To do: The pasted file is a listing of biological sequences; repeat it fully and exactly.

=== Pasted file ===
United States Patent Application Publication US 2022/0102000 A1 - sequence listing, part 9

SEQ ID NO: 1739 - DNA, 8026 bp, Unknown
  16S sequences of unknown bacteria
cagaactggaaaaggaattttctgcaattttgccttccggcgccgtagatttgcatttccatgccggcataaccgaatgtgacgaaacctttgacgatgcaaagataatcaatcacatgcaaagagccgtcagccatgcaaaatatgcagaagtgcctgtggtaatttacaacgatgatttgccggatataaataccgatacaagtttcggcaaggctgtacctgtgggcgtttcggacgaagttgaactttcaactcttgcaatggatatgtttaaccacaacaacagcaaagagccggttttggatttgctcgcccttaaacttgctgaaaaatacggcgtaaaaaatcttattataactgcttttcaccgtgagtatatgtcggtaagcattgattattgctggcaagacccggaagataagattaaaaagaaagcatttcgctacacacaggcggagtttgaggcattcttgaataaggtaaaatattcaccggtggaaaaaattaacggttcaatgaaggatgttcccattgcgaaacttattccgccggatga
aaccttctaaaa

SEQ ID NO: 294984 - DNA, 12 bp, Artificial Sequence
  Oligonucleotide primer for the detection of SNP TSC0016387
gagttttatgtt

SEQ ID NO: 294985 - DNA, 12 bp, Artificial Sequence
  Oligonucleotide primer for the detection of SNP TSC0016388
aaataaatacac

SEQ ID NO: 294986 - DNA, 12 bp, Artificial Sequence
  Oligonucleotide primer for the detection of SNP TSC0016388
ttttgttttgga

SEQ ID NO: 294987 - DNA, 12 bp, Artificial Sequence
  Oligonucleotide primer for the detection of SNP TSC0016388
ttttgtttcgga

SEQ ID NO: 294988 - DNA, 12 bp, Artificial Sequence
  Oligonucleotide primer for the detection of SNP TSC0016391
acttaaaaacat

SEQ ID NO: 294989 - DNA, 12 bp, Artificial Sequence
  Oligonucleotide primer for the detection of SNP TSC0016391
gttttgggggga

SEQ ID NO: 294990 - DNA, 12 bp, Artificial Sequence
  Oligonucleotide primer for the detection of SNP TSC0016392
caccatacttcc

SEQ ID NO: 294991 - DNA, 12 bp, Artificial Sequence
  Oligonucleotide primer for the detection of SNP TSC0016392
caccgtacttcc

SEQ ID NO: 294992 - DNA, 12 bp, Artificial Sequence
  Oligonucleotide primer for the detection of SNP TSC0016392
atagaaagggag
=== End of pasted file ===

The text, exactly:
United States Patent Application Publication US 2022/0102000 A1 - sequence listing, part 9

SEQ ID NO: 1739 - DNA, 8026 bp, Unknown
  16S sequences of unknown bacteria
cagaactggaaaaggaattttctgcaattttgccttccggcgccgtagatttgcatttccatgccggcataaccgaatgtgacgaaacctttgacgatgcaaagataatcaatcacatgcaaagagccgtcagccatgcaaaatatgcagaagtgcctgtggtaatttacaacgatgatttgccggatataaataccgatacaagtttcggcaaggctgtacctgtgggcgtttcggacgaagttgaactttcaactcttgcaatggatatgtttaaccacaacaacagcaaagagccggttttggatttgctcgcccttaaacttgctgaaaaatacggcgtaaaaaatcttattataactgcttttcaccgtgagtatatgtcggtaagcattgattattgctggcaagacccggaagataagattaaaaagaaagcatttcgctacacacaggcggagtttgaggcattcttgaataaggtaaaatattcaccggtggaaaaaattaacggttcaatgaaggatgttcccattgcgaaacttattccgccggatga
aaccttctaaaa

SEQ ID NO: 294984 - DNA, 12 bp, Artificial Sequence
  Oligonucleotide primer for the detection of SNP TSC0016387
gagttttatgtt

SEQ ID NO: 294985 - DNA, 12 bp, Artificial Sequence
  Oligonucleotide primer for the detection of SNP TSC0016388
aaataaatacac

SEQ ID NO: 294986 - DNA, 12 bp, Artificial Sequence
  Oligonucleotide primer for the detection of SNP TSC0016388
ttttgttttgga

SEQ ID NO: 294987 - DNA, 12 bp, Artificial Sequence
  Oligonucleotide primer for the detection of SNP TSC0016388
ttttgtttcgga

SEQ ID NO: 294988 - DNA, 12 bp, Artificial Sequence
  Oligonucleotide primer for the detection of SNP TSC0016391
acttaaaaacat

SEQ ID NO: 294989 - DNA, 12 bp, Artificial Sequence
  Oligonucleotide primer for the detection of SNP TSC0016391
gttttgggggga

SEQ ID NO: 294990 - DNA, 12 bp, Artificial Sequence
  Oligonucleotide primer for the detection of SNP TSC0016392
caccatacttcc

SEQ ID NO: 294991 - DNA, 12 bp, Artificial Sequence
  Oligonucleotide primer for the detection of SNP TSC0016392
caccgtacttcc

SEQ ID NO: 294992 - DNA, 12 bp, Artificial Sequence
  Oligonucleotide primer for the detection of SNP TSC0016392
atagaaagggag